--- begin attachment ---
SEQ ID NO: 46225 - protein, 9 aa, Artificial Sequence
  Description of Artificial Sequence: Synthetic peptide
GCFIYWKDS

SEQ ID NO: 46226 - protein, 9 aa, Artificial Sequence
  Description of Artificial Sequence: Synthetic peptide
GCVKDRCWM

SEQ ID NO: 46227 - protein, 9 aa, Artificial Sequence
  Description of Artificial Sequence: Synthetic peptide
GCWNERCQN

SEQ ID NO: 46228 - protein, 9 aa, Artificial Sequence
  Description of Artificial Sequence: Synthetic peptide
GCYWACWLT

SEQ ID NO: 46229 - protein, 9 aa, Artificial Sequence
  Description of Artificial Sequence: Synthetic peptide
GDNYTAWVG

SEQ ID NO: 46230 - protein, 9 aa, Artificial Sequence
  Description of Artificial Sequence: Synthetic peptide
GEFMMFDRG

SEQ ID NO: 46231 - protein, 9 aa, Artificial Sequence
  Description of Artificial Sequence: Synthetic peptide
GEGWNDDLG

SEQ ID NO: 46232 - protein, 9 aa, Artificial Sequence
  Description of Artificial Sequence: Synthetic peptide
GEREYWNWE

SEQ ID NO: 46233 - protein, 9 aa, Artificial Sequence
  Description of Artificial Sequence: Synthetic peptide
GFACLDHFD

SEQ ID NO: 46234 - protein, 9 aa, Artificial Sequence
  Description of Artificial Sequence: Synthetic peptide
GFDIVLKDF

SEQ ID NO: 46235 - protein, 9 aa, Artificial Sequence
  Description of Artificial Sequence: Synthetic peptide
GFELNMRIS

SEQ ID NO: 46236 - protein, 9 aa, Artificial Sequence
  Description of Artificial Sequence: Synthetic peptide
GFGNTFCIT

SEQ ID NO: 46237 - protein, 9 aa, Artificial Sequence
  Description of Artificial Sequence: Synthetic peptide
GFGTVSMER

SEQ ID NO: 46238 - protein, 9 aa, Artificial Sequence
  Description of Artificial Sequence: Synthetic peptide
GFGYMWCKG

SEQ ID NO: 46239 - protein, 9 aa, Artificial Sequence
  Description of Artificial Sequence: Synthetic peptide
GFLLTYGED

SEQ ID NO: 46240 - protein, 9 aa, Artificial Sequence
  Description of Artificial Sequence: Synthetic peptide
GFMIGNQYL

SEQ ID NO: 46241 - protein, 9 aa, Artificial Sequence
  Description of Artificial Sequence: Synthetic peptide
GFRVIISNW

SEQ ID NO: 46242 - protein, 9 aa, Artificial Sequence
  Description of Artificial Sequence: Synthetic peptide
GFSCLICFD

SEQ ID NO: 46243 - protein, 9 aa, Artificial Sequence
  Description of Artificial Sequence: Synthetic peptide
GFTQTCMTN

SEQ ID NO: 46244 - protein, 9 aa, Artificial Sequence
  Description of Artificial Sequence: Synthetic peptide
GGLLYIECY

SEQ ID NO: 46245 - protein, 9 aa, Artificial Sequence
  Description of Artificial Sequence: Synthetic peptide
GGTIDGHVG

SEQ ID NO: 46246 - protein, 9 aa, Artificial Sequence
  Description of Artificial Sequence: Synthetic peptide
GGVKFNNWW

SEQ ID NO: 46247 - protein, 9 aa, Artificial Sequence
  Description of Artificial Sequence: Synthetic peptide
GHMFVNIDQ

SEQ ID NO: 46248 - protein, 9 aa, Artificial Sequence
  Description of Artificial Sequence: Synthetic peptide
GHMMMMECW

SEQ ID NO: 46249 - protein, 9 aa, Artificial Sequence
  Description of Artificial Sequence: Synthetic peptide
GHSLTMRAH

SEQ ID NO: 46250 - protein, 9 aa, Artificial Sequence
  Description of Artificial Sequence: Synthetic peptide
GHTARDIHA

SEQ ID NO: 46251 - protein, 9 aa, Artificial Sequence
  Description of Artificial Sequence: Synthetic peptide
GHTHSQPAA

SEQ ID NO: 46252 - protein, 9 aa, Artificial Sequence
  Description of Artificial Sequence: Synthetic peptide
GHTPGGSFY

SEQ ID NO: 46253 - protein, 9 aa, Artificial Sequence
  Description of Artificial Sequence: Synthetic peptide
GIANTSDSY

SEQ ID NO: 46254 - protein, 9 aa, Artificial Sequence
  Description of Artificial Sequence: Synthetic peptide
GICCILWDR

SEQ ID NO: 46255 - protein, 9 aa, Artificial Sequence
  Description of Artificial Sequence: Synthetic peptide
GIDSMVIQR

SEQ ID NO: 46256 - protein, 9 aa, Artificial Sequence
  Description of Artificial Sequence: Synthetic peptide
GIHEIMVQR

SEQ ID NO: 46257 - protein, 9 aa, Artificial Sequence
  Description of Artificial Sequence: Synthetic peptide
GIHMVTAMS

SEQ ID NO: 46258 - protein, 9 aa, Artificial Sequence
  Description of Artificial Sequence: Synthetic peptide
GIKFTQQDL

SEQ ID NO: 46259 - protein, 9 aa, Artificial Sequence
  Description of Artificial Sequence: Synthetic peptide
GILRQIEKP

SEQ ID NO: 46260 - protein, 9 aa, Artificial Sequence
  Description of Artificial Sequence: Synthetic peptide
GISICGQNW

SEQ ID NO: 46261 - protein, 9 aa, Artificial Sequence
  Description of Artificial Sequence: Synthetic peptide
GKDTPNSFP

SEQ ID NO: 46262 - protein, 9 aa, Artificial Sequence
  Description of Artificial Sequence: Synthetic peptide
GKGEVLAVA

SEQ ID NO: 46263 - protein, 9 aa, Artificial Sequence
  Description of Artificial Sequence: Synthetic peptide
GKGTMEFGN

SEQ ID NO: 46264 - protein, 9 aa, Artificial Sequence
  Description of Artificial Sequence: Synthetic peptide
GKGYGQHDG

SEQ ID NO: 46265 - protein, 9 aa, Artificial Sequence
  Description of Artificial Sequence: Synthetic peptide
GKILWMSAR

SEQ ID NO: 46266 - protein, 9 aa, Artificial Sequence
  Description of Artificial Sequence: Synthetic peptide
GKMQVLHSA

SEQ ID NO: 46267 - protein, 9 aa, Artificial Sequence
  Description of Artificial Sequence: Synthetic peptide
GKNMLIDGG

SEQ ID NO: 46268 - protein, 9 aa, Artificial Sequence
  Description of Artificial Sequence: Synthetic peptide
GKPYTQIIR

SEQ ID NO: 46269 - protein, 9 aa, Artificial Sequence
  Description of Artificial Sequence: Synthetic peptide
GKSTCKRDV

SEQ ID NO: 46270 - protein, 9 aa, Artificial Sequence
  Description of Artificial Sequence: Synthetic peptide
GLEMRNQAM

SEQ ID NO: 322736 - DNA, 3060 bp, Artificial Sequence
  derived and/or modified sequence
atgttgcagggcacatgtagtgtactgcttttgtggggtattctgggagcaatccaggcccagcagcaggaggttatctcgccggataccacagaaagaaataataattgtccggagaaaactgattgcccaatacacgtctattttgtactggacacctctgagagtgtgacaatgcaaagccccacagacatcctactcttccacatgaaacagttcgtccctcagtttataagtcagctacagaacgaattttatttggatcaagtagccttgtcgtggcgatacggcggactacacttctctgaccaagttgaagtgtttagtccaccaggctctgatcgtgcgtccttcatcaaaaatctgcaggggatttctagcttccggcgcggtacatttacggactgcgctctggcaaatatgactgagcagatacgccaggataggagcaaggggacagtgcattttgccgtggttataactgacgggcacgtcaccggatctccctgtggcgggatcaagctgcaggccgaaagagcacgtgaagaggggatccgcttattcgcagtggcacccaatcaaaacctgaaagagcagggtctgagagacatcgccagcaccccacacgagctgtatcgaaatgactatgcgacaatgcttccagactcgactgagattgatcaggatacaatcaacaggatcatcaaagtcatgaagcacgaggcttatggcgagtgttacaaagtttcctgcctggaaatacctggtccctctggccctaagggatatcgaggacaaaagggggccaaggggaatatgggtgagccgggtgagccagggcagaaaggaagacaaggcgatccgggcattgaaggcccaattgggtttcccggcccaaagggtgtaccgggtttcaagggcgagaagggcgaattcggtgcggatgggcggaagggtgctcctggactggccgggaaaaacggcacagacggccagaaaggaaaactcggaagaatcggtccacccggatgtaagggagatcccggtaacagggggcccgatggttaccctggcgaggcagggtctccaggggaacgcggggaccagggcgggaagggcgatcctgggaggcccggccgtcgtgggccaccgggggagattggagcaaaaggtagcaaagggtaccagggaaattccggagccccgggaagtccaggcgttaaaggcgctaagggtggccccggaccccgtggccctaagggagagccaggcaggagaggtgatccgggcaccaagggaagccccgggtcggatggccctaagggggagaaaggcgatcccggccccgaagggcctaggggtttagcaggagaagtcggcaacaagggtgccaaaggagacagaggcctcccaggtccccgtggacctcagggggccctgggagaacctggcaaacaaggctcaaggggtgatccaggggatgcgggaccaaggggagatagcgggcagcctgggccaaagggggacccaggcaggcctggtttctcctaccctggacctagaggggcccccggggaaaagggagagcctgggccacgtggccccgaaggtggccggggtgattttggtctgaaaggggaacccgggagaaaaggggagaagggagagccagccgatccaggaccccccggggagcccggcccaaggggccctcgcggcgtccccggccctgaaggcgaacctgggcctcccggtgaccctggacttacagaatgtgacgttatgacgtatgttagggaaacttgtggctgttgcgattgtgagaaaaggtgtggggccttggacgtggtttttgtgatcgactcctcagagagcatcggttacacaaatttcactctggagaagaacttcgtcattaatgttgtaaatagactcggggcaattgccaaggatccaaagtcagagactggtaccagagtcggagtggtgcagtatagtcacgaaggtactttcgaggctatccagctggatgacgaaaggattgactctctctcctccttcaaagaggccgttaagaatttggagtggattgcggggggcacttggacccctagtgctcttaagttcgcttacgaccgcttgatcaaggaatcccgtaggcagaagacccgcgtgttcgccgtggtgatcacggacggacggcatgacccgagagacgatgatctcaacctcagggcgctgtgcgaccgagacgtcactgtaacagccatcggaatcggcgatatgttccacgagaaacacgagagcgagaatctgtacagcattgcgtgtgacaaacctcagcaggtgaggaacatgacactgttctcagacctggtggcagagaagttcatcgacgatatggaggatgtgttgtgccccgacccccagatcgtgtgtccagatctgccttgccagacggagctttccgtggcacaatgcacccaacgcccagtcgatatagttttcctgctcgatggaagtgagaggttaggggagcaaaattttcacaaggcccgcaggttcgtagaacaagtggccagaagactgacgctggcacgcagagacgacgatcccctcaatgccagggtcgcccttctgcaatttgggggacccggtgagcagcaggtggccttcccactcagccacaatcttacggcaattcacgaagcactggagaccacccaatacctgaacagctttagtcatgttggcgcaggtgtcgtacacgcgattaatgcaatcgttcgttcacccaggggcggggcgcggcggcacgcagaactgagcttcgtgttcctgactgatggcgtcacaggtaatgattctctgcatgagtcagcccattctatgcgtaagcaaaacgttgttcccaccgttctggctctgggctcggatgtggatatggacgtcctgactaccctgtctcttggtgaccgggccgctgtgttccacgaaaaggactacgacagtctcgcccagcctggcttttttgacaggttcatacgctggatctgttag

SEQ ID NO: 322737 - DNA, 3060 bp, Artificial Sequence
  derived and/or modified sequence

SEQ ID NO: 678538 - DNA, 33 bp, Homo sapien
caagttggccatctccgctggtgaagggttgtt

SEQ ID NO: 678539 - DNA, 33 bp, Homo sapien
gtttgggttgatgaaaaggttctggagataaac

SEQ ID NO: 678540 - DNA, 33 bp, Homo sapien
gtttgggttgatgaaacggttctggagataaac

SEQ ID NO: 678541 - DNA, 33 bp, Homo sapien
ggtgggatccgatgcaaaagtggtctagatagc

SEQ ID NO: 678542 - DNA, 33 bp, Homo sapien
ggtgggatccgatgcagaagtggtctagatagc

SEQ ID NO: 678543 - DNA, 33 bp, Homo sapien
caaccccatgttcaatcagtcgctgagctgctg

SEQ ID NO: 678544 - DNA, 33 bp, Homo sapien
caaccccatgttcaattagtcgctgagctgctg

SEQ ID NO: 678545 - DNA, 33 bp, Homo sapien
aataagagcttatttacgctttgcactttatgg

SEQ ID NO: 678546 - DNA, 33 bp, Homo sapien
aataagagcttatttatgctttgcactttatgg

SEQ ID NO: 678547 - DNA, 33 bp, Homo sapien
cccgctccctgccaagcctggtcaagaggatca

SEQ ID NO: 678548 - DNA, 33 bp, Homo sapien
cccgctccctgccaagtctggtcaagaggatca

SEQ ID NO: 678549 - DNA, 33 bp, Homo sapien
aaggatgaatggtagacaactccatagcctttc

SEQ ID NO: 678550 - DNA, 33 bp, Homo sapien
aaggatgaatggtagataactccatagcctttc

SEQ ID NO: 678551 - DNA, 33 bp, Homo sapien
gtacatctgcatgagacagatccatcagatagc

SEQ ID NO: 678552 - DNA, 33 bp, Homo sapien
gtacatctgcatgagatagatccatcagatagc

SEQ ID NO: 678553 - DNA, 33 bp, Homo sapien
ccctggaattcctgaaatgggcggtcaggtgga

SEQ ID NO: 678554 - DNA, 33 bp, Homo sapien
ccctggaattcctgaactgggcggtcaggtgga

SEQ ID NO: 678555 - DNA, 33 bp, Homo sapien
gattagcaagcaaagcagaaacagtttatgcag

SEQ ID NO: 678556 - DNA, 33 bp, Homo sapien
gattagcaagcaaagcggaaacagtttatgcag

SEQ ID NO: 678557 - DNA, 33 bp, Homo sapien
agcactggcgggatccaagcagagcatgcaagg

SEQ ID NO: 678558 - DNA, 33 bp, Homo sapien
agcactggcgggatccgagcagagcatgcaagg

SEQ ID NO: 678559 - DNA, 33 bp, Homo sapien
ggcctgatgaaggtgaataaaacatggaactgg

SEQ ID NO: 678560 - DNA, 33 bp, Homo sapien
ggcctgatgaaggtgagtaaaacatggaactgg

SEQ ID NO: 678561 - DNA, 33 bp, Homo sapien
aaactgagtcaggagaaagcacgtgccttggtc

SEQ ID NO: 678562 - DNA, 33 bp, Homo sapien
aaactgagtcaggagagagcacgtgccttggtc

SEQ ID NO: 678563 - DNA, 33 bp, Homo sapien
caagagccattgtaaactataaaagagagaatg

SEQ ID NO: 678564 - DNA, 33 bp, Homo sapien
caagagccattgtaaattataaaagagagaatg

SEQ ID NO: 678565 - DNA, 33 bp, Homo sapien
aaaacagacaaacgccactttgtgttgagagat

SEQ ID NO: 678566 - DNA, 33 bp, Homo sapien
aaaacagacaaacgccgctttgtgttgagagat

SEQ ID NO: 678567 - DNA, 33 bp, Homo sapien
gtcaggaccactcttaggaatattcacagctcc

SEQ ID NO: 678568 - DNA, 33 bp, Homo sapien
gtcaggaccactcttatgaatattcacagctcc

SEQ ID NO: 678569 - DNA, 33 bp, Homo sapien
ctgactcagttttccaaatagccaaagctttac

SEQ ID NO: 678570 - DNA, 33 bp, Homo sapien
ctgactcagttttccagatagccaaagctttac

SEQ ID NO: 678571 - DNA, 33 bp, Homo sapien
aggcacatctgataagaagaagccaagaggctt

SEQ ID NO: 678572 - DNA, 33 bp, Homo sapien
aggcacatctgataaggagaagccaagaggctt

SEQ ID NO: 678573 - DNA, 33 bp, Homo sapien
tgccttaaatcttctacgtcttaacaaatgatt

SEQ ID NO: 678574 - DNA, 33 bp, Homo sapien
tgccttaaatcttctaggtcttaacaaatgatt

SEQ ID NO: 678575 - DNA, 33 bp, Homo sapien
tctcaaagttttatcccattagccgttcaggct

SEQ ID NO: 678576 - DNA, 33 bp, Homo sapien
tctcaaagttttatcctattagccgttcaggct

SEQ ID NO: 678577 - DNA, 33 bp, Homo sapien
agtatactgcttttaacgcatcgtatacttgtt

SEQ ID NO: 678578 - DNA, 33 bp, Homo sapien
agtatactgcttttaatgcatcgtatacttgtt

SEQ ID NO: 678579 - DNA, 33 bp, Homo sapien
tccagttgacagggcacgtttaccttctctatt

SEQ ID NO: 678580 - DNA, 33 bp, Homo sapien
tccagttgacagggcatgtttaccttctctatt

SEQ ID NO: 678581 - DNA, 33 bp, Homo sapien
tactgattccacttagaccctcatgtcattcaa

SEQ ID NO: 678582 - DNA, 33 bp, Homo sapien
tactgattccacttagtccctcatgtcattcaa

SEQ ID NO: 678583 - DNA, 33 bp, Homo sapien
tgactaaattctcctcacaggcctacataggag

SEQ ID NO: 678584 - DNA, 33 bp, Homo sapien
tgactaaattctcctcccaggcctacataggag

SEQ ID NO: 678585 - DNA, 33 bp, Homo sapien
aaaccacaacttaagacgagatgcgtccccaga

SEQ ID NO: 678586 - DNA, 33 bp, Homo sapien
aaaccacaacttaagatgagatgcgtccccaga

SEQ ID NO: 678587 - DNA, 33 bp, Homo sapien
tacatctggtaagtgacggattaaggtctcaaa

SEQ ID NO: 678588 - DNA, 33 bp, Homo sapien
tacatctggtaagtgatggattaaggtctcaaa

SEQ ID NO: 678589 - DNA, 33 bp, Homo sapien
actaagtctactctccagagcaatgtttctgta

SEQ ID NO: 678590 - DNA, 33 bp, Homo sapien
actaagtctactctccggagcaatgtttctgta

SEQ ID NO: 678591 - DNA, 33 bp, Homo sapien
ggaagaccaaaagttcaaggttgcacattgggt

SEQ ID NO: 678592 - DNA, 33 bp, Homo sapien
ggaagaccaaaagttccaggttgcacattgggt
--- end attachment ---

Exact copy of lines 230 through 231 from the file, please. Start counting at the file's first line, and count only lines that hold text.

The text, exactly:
SEQ ID NO: 678581 - DNA, 33 bp, Homo sapien
tactgattccacttagaccctcatgtcattcaa